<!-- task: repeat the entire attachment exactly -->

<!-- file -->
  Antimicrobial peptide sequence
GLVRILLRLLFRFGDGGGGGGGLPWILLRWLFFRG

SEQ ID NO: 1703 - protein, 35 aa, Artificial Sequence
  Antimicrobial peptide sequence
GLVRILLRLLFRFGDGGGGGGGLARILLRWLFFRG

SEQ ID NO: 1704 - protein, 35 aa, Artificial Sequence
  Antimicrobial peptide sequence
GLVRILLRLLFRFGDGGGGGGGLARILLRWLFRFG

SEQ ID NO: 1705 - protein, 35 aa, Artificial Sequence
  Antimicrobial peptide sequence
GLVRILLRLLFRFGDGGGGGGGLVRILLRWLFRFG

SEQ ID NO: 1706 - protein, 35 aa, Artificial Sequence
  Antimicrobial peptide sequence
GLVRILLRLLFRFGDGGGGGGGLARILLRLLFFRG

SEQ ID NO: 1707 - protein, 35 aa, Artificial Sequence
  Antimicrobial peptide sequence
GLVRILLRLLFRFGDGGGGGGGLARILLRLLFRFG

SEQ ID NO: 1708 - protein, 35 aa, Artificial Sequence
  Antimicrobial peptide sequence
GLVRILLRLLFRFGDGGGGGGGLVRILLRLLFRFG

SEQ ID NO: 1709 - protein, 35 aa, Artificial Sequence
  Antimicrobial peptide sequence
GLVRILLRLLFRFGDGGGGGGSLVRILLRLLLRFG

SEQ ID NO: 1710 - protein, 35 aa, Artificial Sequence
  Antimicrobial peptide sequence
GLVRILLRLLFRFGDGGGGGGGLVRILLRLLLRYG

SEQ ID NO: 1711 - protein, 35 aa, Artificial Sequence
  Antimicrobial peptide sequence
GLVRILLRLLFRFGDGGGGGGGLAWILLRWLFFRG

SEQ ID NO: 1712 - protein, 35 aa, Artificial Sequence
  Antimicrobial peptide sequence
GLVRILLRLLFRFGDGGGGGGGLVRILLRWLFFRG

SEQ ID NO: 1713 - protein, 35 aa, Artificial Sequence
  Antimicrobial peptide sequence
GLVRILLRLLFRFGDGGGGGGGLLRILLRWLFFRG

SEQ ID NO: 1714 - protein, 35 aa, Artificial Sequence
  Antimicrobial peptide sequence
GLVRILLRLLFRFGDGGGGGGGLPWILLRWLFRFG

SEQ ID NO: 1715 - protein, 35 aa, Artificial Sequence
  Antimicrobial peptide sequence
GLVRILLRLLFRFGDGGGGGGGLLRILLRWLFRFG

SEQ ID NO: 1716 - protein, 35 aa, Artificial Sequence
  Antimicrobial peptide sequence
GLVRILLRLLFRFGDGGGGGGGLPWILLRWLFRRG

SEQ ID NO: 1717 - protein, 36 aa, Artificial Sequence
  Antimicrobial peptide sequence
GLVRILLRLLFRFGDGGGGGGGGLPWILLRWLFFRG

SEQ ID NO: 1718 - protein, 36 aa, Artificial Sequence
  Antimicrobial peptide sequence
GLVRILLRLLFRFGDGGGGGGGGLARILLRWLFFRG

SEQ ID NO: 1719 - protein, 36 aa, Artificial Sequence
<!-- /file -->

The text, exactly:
  Antimicrobial peptide sequence
GLVRILLRLLFRFGDGGGGGGGLPWILLRWLFFRG

SEQ ID NO: 1703 - protein, 35 aa, Artificial Sequence
  Antimicrobial peptide sequence
GLVRILLRLLFRFGDGGGGGGGLARILLRWLFFRG

SEQ ID NO: 1704 - protein, 35 aa, Artificial Sequence
  Antimicrobial peptide sequence
GLVRILLRLLFRFGDGGGGGGGLARILLRWLFRFG

SEQ ID NO: 1705 - protein, 35 aa, Artificial Sequence
  Antimicrobial peptide sequence
GLVRILLRLLFRFGDGGGGGGGLVRILLRWLFRFG

SEQ ID NO: 1706 - protein, 35 aa, Artificial Sequence
  Antimicrobial peptide sequence
GLVRILLRLLFRFGDGGGGGGGLARILLRLLFFRG

SEQ ID NO: 1707 - protein, 35 aa, Artificial Sequence
  Antimicrobial peptide sequence
GLVRILLRLLFRFGDGGGGGGGLARILLRLLFRFG

SEQ ID NO: 1708 - protein, 35 aa, Artificial Sequence
  Antimicrobial peptide sequence
GLVRILLRLLFRFGDGGGGGGGLVRILLRLLFRFG

SEQ ID NO: 1709 - protein, 35 aa, Artificial Sequence
  Antimicrobial peptide sequence
GLVRILLRLLFRFGDGGGGGGSLVRILLRLLLRFG

SEQ ID NO: 1710 - protein, 35 aa, Artificial Sequence
  Antimicrobial peptide sequence
GLVRILLRLLFRFGDGGGGGGGLVRILLRLLLRYG

SEQ ID NO: 1711 - protein, 35 aa, Artificial Sequence
  Antimicrobial peptide sequence
GLVRILLRLLFRFGDGGGGGGGLAWILLRWLFFRG

SEQ ID NO: 1712 - protein, 35 aa, Artificial Sequence
  Antimicrobial peptide sequence
GLVRILLRLLFRFGDGGGGGGGLVRILLRWLFFRG

SEQ ID NO: 1713 - protein, 35 aa, Artificial Sequence
  Antimicrobial peptide sequence
GLVRILLRLLFRFGDGGGGGGGLLRILLRWLFFRG

SEQ ID NO: 1714 - protein, 35 aa, Artificial Sequence
  Antimicrobial peptide sequence
GLVRILLRLLFRFGDGGGGGGGLPWILLRWLFRFG

SEQ ID NO: 1715 - protein, 35 aa, Artificial Sequence
  Antimicrobial peptide sequence
GLVRILLRLLFRFGDGGGGGGGLLRILLRWLFRFG

SEQ ID NO: 1716 - protein, 35 aa, Artificial Sequence
  Antimicrobial peptide sequence
GLVRILLRLLFRFGDGGGGGGGLPWILLRWLFRRG

SEQ ID NO: 1717 - protein, 36 aa, Artificial Sequence
  Antimicrobial peptide sequence
GLVRILLRLLFRFGDGGGGGGGGLPWILLRWLFFRG

SEQ ID NO: 1718 - protein, 36 aa, Artificial Sequence
  Antimicrobial peptide sequence
GLVRILLRLLFRFGDGGGGGGGGLARILLRWLFFRG

SEQ ID NO: 1719 - protein, 36 aa, Artificial Sequence